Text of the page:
whistlejacket - equestrian music video

We Get This Feeling – An Equestrian Feast for the Senses

by • March 17, 2017 • Culture, mosiac, StyleComments Off on We Get This Feeling – An Equestrian Feast for the Senses2752

By Alli Addison

Horses and music, music and horses. Interest peaked, right? Add in three gorgeous riding ladies, four handsome musical gents, an upbeat tune, stellar direction and videography and keen styling, and you are left with a very entertaining musical experience. Whistlejacket’s ‘We Get This Feeling’ music video is the type of video you can watch again, and again, and again. Maybe it’s the catchy song, maybe it’s the fact that it’s entirely equestrian-centric, or maybe it’s the good-looking gals. Regardless, the entire package is a true equestrian feast for the senses. And if you’ve seen the video, then you know. And if you haven’t seen the video, well, you’re in luck.

But there is so much more than what simply meets the eye… and ears. So Horse & Style sat down with Adam Stevenson of the New Zealand pop band Whistlejacket and his wife Eloise (the lovely and talented brunette atop the grey gelding) to get the full story on the group, the album, the song and the video itself.

The equestrian stars of the Whistlejacket music video – photo by Matt Warner

H&S: Let’s begin with how you came up with the concept to use an equestrian approach to the video.

WJ: Our equestrian vision has always ran much deeper than just the video itself. A huge print of George Stubb’s ‘Whistlejacket’ has always hung in our hallway. From the moment Adam first laid eyes on it, he dreamt of creating a band named ‘Whistlejacket.’ It’s simply such a great name. His friends and band members all embraced the equestrian vision as an extension of our life outside the band…which they liked a lot.

Whistlejacket – photo by Matt Warner

H&S: The emblem on the jackets, what is the significance behind this?

WJ: As a nod to the band’s name and Adam’s lifestyle, with a strong understanding of the beauty and power of horses, the vision was always to incorporate the imagery to the band’s identity. A crest was designed displaying an animal to reflect each band member’s identity. Adam’s animal is, rightly so, the horse.

Whistlejacket’s logo – photo by Matt Warner

H&S: How was it playing and filming in an arena, surrounded by horses?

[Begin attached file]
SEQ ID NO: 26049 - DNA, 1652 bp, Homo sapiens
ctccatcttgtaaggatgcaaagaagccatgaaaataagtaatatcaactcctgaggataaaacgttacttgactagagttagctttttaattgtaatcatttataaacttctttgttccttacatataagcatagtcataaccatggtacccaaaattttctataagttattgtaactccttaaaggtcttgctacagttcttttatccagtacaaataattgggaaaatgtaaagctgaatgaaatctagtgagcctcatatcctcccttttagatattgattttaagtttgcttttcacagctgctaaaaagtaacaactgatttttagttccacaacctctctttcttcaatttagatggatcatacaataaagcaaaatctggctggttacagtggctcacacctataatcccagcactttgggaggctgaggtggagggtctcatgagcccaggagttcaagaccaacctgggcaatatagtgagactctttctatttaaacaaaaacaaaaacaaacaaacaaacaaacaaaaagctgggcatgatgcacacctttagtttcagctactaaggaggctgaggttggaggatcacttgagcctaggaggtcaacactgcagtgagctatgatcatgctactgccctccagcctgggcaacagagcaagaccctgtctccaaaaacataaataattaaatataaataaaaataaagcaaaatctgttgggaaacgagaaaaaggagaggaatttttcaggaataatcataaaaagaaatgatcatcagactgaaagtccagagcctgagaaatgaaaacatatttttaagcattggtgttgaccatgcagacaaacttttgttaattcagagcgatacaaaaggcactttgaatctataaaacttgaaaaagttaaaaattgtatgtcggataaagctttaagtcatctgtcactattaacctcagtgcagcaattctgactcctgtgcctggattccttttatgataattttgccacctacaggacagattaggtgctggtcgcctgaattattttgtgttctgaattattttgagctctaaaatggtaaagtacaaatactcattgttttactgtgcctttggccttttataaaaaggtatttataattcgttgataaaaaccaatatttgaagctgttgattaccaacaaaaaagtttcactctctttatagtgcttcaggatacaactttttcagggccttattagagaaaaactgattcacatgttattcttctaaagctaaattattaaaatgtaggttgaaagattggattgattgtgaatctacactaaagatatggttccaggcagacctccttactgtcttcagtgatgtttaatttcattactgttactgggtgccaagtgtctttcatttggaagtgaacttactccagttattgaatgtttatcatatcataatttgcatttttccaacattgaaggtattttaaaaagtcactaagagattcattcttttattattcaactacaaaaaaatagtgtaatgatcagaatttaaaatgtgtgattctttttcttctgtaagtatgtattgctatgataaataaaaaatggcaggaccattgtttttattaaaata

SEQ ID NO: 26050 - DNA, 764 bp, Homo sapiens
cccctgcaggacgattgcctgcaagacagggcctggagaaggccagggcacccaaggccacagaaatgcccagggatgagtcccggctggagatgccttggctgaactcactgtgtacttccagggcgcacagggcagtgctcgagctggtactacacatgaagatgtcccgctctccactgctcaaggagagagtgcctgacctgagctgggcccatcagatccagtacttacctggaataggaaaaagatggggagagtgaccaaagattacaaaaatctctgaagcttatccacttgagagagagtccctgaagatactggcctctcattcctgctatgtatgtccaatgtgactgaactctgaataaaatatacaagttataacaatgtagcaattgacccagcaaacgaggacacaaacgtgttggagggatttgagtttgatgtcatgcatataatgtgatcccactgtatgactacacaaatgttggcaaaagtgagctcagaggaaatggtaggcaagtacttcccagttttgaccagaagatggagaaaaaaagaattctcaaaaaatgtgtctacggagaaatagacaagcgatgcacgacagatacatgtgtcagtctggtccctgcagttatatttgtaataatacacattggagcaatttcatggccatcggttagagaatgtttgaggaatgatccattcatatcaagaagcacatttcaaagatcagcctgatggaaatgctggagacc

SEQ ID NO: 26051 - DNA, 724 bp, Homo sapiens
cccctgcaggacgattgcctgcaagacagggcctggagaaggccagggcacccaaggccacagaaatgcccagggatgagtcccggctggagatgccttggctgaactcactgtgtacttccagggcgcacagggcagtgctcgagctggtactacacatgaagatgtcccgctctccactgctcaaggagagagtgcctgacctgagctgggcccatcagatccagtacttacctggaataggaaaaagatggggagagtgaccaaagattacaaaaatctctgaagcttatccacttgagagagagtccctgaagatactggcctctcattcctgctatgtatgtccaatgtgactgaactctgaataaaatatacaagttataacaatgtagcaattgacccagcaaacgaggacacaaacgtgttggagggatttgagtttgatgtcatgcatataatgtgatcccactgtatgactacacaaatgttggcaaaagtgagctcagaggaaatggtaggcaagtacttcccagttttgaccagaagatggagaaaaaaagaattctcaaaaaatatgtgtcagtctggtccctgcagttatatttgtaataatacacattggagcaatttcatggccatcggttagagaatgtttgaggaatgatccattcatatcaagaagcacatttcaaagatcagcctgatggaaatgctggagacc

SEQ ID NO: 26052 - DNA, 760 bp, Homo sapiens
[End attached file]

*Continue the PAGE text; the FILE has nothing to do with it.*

WJ: Looking at the music video for We Get This Feeling, one might have thought the concept to be relatively straightforward, however the band pitched the idea to several directors before finding one that could turn the concept into a reality… And that knew, most importantly, how to capture the equine form. The video was shot using the Phantom Flex 4K camera system which records at 1000 frames per second, allowing every hoof beat to be captured in super slow motion.

Playing music, watching horses – photo by Matt Warner

H&S: And to be playing while your wife was riding?

WJ: Playing live music to three statuesque riders on powerful horses, well, it felt amazing. And to have my own wife riding around me was pretty powerful stuff. It should become a ‘thing’ you know? Like a roller derby, every Friday night, bring your horse down to the arena and jump to live music.

Eloise and Rua – photo by Matt Warner

H&S: We’re in! How did the horses do with the band and video equipment?

WJ: Our friends and riding buddies Anna and Ella immediately sprung to mind when the fantasy concept was raised. Two very capable riding babes from the local pony club with their own sensible and capable horses. My own trusty hunt horse Rua is a solid and reliable station bred gelding, a breed unique to New Zealand, who I have yet to encounter a scenario that he would find alarming. He is worth his weight in gold. I knew that he and the other two horses would be fine with the flashing lights and band gear.

The horses go Hollywood – photo by Matt Warner

H&S: We would think so, especially since they jumped the gear!

WJ: We had planned to create a high wall of stacked amplifiers to jump, but unfortunately the film crew decided upon floor standing gear. As riders we would have loved more of a height challenge, but the desired effect was still captured with slow motion gear.

Getting the shot – photo by Matt Warner

H&S: The overall look of the video was beautifully monochromatic and stately. And the location looked top notch.

WJ: Stable 88 in Matakana is one of New Zealand’s most prestigious riding facilities with beautiful feather-like white footing and stunning black rubber walls. Having a grey horse, we knew this would give the rich monochromatic look we were keen to capture for the video.

Rua posing for a close-up – photo by Matt Warner

H&S: The video is so entertaining and catchy. Bravo to you all. And the horses too.

WJ: Yes, we get this feeling our horses were very obliging!

Photography by Matt Warner
Styling by Jane Mow
Directed by Matiu Sadd
Produced by Commotion

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